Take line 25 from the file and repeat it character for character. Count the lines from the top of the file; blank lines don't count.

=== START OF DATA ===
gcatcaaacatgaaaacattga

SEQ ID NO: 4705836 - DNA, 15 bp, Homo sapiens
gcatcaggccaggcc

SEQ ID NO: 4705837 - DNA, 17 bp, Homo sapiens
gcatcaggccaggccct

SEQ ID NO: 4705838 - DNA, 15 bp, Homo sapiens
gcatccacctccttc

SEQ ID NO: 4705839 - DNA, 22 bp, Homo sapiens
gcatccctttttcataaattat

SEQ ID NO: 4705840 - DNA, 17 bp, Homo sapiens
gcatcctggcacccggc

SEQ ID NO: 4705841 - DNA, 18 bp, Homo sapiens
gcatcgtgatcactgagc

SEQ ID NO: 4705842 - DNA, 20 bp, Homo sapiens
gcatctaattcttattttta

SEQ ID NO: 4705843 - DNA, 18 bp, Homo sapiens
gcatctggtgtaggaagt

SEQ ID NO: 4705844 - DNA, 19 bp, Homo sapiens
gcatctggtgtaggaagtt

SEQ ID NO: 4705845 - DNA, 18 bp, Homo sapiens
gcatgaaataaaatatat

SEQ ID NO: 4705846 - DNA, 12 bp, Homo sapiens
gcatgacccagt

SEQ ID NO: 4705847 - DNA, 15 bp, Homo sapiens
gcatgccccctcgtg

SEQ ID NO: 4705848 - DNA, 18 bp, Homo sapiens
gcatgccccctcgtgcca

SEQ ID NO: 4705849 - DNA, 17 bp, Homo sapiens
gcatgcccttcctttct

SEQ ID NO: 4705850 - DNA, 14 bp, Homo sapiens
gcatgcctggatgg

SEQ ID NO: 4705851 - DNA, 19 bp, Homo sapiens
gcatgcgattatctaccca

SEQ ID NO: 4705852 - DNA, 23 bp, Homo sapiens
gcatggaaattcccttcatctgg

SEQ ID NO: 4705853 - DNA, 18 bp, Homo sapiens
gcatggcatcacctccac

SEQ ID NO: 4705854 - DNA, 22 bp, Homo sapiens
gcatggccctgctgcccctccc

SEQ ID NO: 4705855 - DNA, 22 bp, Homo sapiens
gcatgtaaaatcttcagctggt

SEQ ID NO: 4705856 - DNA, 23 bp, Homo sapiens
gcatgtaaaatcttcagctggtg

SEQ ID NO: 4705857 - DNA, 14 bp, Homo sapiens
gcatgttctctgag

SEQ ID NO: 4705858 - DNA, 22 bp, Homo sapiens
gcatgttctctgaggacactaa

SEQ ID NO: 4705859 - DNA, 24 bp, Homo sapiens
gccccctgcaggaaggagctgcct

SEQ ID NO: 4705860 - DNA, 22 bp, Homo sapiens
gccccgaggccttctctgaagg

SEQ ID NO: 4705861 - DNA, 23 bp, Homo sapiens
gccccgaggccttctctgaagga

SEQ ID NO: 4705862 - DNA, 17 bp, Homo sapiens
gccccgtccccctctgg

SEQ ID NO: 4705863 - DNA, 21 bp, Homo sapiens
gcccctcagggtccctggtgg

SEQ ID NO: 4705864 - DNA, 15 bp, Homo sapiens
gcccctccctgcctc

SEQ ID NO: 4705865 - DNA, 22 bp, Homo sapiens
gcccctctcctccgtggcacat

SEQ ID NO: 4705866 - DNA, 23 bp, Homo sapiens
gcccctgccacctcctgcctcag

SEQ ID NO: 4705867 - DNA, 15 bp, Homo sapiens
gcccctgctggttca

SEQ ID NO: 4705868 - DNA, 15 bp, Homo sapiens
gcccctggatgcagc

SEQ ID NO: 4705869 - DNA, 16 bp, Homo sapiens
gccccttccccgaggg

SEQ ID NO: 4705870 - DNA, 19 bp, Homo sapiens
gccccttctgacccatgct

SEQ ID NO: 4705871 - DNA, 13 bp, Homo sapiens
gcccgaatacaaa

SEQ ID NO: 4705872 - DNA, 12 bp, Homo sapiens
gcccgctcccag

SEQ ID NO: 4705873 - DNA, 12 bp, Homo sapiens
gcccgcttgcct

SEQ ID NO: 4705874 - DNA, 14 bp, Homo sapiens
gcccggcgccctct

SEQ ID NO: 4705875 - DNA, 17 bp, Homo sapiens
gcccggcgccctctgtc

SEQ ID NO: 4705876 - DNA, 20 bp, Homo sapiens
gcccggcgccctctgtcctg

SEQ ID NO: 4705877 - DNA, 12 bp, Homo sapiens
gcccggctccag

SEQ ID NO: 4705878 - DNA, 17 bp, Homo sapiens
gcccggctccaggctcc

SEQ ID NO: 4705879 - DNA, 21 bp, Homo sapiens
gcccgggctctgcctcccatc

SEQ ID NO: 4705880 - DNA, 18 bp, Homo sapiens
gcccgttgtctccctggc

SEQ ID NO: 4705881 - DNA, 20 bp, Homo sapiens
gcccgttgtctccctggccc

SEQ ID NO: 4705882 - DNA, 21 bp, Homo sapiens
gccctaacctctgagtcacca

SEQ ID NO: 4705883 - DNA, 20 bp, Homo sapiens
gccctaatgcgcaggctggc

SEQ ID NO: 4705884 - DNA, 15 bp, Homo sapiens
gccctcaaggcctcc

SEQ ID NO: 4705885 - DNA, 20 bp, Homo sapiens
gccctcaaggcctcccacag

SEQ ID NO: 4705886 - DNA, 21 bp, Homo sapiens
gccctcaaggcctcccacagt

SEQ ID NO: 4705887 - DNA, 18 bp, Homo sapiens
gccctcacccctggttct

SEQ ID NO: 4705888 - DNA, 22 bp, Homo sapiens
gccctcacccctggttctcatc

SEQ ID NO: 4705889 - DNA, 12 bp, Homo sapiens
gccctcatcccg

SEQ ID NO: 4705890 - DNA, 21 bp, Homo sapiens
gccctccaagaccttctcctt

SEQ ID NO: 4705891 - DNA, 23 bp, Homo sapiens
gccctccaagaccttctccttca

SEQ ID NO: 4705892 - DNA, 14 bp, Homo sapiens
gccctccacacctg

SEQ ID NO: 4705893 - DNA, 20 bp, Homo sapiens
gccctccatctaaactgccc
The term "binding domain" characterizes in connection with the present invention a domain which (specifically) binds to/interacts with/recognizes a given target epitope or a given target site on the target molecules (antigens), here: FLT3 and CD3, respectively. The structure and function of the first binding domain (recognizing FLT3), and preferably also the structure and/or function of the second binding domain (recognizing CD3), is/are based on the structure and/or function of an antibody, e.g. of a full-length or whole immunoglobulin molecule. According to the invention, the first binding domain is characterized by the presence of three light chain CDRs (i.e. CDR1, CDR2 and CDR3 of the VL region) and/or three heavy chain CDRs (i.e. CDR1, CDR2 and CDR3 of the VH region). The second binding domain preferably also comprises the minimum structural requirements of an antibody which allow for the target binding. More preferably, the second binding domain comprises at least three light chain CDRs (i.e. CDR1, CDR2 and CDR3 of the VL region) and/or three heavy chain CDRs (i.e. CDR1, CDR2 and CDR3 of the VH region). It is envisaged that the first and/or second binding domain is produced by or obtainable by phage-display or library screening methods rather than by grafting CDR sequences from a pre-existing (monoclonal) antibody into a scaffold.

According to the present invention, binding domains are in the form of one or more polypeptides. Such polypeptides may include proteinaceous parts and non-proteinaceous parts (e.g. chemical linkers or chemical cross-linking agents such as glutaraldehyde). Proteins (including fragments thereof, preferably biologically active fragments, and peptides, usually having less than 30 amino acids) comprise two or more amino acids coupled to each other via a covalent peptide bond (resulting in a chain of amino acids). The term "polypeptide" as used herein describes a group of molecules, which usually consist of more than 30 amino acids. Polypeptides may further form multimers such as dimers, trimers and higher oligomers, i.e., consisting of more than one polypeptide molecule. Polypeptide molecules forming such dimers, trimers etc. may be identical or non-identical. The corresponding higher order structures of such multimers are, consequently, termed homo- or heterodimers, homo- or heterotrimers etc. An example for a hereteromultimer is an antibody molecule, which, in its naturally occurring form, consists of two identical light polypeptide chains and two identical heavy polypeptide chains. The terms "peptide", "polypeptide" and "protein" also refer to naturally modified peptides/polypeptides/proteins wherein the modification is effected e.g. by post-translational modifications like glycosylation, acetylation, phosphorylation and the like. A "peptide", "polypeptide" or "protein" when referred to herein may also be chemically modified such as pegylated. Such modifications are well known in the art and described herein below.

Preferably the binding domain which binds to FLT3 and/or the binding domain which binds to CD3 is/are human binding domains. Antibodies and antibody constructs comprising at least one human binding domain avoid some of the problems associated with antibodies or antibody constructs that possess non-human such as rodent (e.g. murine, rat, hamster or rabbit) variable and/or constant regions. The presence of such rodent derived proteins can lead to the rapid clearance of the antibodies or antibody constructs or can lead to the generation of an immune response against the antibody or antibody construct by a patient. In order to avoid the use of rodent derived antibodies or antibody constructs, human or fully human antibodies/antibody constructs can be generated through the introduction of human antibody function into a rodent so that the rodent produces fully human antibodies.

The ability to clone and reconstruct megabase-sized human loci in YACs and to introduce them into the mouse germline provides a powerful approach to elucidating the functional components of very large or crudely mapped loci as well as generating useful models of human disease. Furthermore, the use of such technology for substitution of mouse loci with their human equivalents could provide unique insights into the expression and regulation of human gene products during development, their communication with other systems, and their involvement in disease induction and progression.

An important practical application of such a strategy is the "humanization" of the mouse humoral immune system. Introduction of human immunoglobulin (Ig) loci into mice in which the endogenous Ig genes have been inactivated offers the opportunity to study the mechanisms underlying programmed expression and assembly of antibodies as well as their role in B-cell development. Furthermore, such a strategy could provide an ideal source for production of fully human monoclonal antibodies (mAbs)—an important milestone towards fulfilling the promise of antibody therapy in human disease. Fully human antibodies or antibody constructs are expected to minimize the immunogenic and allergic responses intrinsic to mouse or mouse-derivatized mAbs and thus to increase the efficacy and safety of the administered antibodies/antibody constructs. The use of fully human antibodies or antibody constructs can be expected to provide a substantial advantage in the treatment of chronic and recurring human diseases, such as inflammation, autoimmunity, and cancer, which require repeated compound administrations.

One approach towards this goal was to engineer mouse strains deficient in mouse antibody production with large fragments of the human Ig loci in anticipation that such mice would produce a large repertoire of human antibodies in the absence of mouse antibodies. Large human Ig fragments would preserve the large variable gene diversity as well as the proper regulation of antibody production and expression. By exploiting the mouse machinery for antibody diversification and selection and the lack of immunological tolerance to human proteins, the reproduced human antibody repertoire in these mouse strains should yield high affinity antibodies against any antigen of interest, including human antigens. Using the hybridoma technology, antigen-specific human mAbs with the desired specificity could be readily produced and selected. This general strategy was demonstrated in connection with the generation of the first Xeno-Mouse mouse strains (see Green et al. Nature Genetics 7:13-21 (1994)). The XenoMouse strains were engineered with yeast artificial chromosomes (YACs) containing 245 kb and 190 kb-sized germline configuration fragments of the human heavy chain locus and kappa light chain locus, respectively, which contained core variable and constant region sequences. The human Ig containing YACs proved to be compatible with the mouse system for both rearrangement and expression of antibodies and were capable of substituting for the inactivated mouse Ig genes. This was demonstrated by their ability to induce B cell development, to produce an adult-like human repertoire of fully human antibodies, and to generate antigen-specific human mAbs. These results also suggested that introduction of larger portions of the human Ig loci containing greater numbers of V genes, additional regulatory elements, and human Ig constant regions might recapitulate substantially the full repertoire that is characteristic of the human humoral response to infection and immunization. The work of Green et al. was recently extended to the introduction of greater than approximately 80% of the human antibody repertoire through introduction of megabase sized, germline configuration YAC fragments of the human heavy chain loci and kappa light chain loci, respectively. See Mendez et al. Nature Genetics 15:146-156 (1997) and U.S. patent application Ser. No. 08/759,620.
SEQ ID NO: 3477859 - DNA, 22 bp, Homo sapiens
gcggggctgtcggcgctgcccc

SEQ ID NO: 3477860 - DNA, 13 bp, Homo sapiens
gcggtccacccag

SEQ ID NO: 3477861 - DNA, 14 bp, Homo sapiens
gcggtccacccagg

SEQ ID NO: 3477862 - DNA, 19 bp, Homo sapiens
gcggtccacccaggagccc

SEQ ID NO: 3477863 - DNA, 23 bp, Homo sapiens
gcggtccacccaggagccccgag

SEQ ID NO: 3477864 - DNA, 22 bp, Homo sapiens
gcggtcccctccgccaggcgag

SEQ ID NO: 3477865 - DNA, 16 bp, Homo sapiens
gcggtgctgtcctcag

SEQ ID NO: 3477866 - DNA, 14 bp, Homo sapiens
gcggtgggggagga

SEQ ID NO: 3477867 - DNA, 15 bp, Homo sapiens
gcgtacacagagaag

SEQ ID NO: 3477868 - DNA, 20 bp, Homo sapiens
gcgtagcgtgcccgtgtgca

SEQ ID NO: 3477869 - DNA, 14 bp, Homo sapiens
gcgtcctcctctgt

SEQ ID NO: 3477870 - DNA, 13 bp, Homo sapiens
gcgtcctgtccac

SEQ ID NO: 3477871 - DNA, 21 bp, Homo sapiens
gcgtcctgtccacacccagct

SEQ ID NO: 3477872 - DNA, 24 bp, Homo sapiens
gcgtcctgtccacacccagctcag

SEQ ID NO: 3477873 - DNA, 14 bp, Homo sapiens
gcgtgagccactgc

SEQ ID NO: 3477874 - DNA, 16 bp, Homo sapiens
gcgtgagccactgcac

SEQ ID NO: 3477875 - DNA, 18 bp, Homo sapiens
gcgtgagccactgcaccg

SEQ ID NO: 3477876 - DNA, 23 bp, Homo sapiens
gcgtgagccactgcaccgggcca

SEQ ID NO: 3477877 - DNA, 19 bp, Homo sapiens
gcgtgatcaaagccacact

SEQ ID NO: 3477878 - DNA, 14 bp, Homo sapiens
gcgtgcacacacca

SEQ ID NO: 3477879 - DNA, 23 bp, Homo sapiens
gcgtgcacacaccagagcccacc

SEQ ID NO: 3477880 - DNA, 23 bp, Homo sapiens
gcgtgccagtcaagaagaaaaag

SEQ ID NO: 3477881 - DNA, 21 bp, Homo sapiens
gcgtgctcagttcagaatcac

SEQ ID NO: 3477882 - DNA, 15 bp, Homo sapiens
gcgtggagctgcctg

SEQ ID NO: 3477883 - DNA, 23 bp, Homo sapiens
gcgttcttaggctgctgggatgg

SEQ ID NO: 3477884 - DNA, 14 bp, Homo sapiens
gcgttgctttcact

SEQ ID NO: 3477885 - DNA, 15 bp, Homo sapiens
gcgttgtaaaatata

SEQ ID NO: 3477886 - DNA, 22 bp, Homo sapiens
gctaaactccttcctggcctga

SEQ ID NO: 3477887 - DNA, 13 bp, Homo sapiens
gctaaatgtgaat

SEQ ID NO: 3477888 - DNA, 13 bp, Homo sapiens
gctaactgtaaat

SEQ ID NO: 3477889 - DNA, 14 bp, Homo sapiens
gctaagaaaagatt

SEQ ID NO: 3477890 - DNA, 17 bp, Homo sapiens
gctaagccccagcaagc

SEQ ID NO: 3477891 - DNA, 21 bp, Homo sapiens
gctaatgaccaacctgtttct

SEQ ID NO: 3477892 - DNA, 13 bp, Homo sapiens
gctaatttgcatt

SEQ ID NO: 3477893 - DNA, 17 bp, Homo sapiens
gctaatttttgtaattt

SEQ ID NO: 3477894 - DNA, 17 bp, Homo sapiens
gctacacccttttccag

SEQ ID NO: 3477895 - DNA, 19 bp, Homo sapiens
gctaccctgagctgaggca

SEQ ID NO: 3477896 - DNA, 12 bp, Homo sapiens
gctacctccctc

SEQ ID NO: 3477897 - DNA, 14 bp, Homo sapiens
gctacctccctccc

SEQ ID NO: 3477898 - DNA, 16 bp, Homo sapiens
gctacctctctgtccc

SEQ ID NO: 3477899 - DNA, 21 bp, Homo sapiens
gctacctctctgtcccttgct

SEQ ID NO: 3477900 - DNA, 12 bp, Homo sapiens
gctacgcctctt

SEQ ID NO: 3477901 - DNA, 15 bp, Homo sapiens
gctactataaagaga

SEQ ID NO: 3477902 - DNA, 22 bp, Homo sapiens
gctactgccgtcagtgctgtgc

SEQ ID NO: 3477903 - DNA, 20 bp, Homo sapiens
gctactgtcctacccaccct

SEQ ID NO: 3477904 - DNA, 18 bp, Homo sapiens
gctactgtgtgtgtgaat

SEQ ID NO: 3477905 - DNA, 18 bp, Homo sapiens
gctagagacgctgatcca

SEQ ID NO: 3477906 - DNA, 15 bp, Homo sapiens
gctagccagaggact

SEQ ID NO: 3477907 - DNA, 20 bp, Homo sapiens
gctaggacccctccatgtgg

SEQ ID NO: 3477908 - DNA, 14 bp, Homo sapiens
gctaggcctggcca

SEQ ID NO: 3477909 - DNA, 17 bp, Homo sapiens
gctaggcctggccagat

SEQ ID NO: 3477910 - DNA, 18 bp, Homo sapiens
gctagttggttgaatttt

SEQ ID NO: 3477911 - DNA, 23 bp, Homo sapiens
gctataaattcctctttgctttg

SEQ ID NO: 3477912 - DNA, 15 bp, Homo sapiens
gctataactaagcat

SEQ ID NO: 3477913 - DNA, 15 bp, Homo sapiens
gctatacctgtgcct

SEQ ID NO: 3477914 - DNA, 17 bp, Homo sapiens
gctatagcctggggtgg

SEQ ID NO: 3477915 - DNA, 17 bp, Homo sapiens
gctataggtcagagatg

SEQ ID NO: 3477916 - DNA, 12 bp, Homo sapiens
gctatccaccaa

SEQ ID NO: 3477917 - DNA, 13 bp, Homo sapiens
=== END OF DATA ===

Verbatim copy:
gcatgccccctcgtg